Dwindling Reserves Force Southeast Asia to Escalate Currency War

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Southeast Asia’s dwindling foreign-exchange holdings are exacerbating the risk of a currency war as policy makers have little choice but to allow exchange rates to weaken.

Malaysian reserves have fallen 19 percent this year to $94.5 billion, reducing the central bank’s ability to stem a 17 percent drop in the ringgit. Indonesia’s stockpile, which shrunk 6.9 percent in the five months through July, may come under greater pressure after Bank Indonesia said Friday that it would seek to prevent the rupiah, which is down 12 percent in 2015, from “overshooting.”

Regional currencies are retreating across the board as sliding prices for Southeast Asia’s commodity exports coincide with a yuan devaluation and the prospect of higher U.S. interest rates. Vietnam responded to the slump in China’s currency with a devaluation of its own. Credit Suisse Group AG says Thailand is favoring depreciation to revive an economy expanding at the slowest pace in the region after Singapore.

“We are deeper and deeper into a more and more worrying currency war,” said Michael Every, the head of financial markets research at Rabobank Group in Hong Kong. “In some cases, it’s a deliberate policy. In others, it’s not that they’re looking for a currency war, they’re just looking to domestic fundamentals.”

The ringgit led a drop in Southeast Asian currencies on Monday, falling 1.1 percent as of 12:27 p.m. in Kuala Lumpur, according to data compiled by Bloomberg. The Philippine peso and the Indonesian rupiah lost 0.7 percent and Thailand’s baht was down 0.2 percent.

Still Adequate

Malaysia’s reserves are enough to finance 7.5 months of retained imports, the central bank said in a statement Friday. Indonesia’s reserves of $107.55 billion at end-July are sufficient to cover seven months of imports, according to figures from Bank Indonesia.

The drop in Malaysian reserves was anticipated and the central bank will set about rebuilding them, Bank Negara Governor Zeti Akhtar Aziz said Aug. 13.

“We have high levels of reserves and that is what reserves are for, to represent buffers during this period,” she said Thursday. “We have held more than the amount of reserves our country needs, precisely for reversals.”

Bank Indonesia Director Nanang Hendarsah said Aug. 5 that foreign-reserves ammunition needed to be conserved to manage the currency. The stockpile is still adequate and there’s a need to prevent the rupiah overshooting more, he said on Friday.

“I don’t see any signs that Bank Indonesia is trying to hold the rupiah at a certain level,” said Leo Rinaldy, a Jakarta-based economist at PT Mandiri Sekuritas, a unit of the country’s largest lender by assets. It’s more focused on smoothing volatility, he said.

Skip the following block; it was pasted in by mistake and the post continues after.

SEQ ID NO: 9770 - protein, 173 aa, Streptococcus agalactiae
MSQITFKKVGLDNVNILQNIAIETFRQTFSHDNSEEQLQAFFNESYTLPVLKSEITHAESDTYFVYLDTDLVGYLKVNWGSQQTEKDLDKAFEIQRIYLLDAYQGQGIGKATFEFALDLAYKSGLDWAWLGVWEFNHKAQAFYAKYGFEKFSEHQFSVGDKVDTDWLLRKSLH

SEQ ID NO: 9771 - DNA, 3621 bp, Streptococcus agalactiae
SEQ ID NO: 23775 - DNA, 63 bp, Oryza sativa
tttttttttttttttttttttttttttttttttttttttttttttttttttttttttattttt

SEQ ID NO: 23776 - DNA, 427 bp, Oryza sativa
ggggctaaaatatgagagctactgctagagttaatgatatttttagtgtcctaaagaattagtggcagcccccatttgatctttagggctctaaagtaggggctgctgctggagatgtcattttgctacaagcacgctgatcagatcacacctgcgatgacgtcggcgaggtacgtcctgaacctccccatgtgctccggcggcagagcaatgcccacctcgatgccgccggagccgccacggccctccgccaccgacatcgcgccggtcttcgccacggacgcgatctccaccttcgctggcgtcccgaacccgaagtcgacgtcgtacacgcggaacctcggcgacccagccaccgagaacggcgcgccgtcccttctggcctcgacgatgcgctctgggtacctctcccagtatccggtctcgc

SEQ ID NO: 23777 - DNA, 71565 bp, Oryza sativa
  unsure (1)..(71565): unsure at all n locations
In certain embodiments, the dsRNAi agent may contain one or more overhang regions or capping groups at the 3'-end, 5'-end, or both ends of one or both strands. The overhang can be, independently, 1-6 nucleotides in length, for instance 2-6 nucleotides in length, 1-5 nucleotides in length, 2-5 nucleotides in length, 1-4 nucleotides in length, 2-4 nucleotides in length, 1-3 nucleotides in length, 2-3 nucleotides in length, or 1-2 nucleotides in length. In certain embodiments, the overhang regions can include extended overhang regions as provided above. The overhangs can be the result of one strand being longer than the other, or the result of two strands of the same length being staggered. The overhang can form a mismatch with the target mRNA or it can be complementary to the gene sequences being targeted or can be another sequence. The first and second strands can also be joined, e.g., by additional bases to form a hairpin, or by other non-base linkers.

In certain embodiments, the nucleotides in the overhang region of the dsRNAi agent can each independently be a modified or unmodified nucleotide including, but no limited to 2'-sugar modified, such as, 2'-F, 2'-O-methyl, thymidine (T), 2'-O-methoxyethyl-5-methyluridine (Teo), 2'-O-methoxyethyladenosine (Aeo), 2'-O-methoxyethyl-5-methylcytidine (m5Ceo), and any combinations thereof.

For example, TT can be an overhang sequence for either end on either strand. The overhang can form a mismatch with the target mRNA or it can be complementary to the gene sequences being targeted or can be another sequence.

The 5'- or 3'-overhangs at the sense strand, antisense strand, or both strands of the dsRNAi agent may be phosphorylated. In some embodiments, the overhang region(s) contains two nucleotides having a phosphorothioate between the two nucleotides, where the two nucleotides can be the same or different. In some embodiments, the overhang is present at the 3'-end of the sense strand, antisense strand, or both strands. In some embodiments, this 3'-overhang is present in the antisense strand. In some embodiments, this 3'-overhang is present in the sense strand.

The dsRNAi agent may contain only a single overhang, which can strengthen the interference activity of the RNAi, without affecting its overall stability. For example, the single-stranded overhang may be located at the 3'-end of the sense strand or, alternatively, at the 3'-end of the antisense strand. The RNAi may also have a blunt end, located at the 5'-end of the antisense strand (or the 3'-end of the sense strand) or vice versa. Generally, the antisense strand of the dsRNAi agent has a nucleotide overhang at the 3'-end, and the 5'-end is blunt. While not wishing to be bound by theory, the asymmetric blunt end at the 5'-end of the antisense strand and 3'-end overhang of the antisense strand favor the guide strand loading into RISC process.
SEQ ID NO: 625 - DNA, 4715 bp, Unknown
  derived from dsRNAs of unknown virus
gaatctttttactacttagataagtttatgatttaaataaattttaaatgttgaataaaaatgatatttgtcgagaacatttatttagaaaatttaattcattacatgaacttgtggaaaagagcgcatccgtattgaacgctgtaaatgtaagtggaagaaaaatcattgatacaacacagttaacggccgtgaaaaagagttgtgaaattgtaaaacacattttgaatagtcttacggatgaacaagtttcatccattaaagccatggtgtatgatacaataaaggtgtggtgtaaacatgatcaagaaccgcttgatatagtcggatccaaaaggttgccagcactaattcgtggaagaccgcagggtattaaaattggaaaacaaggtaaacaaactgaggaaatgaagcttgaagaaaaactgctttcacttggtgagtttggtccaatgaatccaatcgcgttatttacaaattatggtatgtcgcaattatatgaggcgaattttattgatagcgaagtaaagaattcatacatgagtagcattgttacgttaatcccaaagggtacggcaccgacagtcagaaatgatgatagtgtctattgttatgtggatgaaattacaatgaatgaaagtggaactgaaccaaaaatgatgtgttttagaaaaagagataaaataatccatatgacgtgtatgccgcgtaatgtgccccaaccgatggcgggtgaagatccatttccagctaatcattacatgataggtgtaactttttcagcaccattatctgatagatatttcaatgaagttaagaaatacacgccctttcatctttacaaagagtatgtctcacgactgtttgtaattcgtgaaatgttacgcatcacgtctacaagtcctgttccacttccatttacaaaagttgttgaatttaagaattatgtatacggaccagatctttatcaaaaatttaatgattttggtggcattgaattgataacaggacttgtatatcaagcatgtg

Unintended Consequences

Other Southeast Asian currencies have dropped less than the ringgit and rupiah in 2015. The baht is down 8 percent, Vietnam’s dong declined 5 percent and the Philippine peso has slipped 4.4 percent.

Using the exchange rate as a tool to boost trade could lead to unintended consequences such as triggering competitive devaluations across the region, Philippine Finance Secretary Cesar Purisima said on Sunday.

“Gains from devaluation would eventually be weighed against costs as investors may view the weakening yuan as a one-way bet and stoke fears of capital flight,” he said.

Thailand’s foreign-exchange reserves fell 1 percent this year to $155.3 billion as of Aug. 14, according to central bank figures released Friday.

‘Already Cracked’

“In terms of the amount of reserves against the amount of short-term external debt, Thailand remains healthier than countries like Malaysia and Indonesia,” said Toru Nishihama, an emerging-market economist at Dai-ichi Life Research Institute Inc. in Tokyo. “The Bank of Thailand may allow a weaker baht while the baht catches up with declines in other currencies.”

Vietnam doubled the dong’s trading limit to 2 percent on Aug. 12, a day after China slashed the yuan’s fixing. Authorities in Hanoi devalued their currency by 1 percent last week and expanded the band again, to 3 percent.

“Vietnam has already cracked,” said Tim Condon, the head of Asian research at ING Groep NV in Singapore. It didn’t have enough reserves to support the dong and we could see more devaluations this year, he said.

Indonesian exports have fallen in each of the last 10 months and dropped 19 percent in July from a year earlier, the most since August 2012. Thai shipments declined every month this year through June, while Malaysian overseas sales fell in four of the first six months.

Less Ammunition

That’s flowed through to slower growth in the three economies. Thailand expanded 2.8 percent last quarter and Malaysia’s gross domestic product increased 4.9 percent, the least in almost two years. Indonesia grew 4.67 percent in the worst quarterly performance since 2009.

Malaysia and Indonesia are facing the problem that with less reserves ammunition they have to be more prudent in how they defend their currencies, said Santitarn Sathirathai, a Singapore-based economist at Credit Suisse.

Thailand “is more deliberately just wanting to cheapen the currency in order to support growth,” he said. “The common problem they face right now is growth and the need to rely a lot more on the currency.”

For more, read this QuickTake: Currency Wars

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